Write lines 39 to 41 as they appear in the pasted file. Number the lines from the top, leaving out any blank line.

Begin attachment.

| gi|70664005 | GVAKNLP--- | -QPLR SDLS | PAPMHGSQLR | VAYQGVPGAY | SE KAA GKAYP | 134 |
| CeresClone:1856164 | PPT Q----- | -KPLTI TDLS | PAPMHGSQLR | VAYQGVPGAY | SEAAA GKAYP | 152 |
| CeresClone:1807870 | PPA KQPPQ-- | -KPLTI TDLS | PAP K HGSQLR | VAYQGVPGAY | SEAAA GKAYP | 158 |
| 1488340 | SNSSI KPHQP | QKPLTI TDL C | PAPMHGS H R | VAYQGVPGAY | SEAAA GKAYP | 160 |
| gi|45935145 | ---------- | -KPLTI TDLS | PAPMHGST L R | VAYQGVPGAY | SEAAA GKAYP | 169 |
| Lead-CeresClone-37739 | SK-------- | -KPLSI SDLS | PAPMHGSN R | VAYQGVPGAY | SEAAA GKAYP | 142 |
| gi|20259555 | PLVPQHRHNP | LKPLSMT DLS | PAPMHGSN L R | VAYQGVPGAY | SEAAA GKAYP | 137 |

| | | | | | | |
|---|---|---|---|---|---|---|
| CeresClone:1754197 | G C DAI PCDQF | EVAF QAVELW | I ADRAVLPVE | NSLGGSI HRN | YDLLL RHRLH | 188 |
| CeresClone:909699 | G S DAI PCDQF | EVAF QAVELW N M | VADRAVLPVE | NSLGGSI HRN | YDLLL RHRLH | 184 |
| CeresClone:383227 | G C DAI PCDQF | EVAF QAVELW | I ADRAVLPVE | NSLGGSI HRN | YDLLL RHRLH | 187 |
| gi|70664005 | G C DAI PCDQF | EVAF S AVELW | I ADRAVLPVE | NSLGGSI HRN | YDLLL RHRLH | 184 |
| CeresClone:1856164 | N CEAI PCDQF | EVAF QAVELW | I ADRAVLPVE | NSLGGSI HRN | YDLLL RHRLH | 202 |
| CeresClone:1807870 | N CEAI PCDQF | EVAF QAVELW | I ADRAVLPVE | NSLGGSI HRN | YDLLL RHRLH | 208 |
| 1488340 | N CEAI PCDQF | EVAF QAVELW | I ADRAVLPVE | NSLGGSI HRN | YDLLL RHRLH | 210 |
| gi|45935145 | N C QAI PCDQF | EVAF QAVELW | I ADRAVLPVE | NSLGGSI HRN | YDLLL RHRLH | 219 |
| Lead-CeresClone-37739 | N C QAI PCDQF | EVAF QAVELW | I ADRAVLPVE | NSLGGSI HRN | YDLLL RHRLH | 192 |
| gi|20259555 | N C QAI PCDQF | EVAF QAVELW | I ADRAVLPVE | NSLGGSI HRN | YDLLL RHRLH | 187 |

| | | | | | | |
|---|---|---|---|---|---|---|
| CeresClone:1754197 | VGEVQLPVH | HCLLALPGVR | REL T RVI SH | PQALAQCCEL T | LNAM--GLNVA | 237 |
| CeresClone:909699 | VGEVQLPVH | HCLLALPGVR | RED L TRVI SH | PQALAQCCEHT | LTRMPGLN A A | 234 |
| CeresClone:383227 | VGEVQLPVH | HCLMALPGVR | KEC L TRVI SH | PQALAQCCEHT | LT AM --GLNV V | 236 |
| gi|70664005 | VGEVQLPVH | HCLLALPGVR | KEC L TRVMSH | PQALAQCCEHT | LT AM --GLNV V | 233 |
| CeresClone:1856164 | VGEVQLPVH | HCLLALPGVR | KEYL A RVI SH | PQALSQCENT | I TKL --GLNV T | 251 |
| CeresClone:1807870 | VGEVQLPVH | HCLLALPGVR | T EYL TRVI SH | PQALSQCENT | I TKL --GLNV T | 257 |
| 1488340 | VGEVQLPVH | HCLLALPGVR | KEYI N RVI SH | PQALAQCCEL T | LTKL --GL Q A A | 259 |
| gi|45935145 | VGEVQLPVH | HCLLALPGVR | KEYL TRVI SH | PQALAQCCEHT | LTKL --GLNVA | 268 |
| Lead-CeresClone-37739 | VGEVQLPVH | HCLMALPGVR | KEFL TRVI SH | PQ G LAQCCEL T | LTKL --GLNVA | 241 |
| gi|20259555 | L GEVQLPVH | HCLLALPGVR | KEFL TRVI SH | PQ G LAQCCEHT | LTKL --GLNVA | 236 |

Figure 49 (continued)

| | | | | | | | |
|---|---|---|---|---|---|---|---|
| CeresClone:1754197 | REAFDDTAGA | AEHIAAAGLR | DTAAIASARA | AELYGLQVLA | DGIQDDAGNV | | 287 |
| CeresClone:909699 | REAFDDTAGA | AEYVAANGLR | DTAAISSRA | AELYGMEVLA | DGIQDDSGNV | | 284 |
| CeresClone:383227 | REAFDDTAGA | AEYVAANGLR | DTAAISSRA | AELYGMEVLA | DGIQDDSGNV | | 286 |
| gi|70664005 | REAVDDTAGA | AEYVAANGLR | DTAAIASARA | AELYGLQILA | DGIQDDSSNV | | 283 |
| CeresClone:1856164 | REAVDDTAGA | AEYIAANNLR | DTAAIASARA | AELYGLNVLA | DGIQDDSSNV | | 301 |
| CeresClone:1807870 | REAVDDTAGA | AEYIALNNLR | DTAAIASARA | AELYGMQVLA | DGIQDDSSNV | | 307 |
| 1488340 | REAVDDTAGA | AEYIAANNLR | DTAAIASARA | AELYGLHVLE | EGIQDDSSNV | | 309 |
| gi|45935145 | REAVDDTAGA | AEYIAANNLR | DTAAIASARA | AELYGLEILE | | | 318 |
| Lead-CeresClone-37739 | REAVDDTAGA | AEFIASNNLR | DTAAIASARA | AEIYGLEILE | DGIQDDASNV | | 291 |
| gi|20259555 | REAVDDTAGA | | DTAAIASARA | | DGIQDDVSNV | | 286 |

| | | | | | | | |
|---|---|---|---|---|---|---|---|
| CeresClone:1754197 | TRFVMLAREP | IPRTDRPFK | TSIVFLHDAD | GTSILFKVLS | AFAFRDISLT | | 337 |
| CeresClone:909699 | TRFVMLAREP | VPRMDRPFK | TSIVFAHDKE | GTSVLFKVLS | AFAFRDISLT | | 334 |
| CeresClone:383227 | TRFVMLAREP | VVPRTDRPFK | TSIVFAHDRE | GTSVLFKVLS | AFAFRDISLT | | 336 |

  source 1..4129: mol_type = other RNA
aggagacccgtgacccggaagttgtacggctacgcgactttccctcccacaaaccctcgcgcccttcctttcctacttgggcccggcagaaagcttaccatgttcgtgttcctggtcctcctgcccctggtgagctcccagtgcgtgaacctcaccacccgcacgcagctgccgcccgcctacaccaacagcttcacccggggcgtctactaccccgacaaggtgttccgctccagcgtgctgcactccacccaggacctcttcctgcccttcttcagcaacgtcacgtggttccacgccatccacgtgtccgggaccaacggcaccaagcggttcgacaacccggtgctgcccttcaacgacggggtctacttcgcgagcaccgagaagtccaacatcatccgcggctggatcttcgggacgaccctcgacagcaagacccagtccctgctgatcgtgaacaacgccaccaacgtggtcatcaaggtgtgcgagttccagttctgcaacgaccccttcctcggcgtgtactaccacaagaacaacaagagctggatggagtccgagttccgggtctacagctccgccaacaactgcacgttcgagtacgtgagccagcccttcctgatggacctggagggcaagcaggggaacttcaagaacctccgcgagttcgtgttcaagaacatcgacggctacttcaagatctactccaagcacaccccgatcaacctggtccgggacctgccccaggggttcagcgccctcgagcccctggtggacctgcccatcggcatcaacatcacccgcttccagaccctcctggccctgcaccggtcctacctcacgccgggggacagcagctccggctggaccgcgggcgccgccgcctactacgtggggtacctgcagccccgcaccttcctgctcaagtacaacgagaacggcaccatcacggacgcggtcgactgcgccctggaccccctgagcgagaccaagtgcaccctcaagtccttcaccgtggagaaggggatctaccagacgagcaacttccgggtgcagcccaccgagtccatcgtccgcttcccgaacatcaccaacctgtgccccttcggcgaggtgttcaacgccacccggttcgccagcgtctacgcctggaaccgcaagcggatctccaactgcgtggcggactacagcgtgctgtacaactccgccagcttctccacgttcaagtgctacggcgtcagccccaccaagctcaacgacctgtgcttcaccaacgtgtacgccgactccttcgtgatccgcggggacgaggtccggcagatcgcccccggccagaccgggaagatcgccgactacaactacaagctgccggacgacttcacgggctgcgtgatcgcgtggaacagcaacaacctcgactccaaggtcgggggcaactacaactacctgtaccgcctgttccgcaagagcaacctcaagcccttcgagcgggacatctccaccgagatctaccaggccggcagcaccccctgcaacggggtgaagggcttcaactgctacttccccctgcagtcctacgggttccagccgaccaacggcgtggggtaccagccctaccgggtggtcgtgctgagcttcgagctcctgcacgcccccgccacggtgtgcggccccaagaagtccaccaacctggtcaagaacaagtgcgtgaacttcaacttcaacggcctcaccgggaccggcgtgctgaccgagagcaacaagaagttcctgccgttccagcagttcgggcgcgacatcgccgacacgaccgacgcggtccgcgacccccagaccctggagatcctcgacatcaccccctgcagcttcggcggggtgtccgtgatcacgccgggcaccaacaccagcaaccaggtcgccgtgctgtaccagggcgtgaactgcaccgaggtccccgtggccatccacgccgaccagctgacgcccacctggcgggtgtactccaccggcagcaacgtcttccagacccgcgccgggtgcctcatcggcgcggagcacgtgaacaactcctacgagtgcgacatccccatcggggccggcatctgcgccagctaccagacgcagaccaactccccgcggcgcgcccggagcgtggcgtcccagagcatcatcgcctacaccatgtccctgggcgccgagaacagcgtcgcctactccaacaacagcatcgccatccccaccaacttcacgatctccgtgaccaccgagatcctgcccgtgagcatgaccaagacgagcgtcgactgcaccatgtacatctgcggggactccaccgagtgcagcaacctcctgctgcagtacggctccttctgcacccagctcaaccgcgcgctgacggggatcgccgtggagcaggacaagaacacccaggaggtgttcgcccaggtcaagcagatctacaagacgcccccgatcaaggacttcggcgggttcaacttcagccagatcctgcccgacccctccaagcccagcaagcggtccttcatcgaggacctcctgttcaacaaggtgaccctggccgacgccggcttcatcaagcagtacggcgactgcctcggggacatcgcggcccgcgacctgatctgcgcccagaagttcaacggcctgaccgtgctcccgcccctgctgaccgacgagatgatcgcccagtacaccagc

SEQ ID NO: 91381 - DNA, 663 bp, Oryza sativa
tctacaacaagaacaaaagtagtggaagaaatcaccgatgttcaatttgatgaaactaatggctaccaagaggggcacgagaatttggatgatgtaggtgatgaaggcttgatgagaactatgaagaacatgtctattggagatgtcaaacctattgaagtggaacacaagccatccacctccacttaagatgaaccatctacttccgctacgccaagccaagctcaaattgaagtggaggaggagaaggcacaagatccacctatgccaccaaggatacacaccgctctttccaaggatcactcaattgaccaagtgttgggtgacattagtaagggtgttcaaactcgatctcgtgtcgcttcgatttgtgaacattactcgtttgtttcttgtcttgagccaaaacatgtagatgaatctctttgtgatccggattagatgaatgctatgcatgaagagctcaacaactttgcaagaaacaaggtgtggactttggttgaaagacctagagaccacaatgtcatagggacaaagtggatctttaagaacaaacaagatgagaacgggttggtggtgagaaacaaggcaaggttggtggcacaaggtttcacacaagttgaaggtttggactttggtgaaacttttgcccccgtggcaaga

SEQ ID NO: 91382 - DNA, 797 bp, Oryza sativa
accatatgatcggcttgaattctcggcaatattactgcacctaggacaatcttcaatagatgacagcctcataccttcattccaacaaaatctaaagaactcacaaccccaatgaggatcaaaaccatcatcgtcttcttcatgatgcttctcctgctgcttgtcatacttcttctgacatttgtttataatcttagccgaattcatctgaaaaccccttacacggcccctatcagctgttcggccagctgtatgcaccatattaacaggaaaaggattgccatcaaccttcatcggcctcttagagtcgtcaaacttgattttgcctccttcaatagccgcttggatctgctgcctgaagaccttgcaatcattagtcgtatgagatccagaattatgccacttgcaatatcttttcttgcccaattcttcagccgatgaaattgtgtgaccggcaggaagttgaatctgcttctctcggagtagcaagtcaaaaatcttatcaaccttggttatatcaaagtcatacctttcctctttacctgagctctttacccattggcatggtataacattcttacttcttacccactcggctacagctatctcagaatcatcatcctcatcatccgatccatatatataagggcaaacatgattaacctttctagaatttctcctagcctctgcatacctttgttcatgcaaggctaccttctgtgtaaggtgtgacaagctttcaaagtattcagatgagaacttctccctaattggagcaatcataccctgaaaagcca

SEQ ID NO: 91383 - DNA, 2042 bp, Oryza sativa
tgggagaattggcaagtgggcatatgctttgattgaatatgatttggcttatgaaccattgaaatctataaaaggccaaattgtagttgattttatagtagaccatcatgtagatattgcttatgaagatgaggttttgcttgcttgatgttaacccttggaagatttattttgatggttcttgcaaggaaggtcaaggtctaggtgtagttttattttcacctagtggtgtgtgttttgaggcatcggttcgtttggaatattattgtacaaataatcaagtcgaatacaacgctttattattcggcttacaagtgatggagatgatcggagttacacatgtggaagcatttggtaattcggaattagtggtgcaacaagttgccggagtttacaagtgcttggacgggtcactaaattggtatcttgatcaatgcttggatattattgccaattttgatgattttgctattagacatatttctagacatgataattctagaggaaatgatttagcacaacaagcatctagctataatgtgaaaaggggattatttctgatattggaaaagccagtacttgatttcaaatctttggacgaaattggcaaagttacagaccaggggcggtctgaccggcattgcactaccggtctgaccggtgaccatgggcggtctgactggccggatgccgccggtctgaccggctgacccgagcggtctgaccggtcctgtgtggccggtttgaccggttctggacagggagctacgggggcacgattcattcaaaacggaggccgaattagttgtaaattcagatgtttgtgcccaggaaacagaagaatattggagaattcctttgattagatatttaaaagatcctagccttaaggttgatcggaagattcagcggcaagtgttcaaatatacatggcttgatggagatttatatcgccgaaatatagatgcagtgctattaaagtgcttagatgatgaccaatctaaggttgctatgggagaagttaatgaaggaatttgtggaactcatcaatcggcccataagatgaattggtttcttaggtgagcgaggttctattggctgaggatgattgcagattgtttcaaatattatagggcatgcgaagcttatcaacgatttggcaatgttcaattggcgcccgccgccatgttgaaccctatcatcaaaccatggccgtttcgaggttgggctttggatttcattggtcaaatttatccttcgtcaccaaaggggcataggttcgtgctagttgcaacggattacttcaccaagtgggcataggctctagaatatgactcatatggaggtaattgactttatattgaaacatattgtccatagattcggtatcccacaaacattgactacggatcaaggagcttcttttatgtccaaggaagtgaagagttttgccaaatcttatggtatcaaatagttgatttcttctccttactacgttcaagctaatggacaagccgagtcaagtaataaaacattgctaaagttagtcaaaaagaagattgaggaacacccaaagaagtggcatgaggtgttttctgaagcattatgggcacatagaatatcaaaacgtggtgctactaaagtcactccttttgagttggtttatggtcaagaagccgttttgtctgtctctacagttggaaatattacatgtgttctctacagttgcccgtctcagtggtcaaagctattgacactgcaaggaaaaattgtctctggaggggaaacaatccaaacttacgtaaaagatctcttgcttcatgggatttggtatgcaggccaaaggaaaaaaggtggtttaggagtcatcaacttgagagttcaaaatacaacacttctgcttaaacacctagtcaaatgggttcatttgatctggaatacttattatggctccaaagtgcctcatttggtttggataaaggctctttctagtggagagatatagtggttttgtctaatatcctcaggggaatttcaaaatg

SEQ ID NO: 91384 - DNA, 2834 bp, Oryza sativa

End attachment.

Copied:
| CeresClone:1856164 | REAVDDTAGA | AEYIAANNLR | DTAAIASARA | AELYGLNVLA | DGIQDDSSNV | | 301 |
| CeresClone:1807870 | REAVDDTAGA | AEYIALNNLR | DTAAIASARA | AELYGMQVLA | DGIQDDSSNV | | 307 |
| 1488340 | REAVDDTAGA | AEYIAANNLR | DTAAIASARA | AELYGLHVLE | EGIQDDSSNV | | 309 |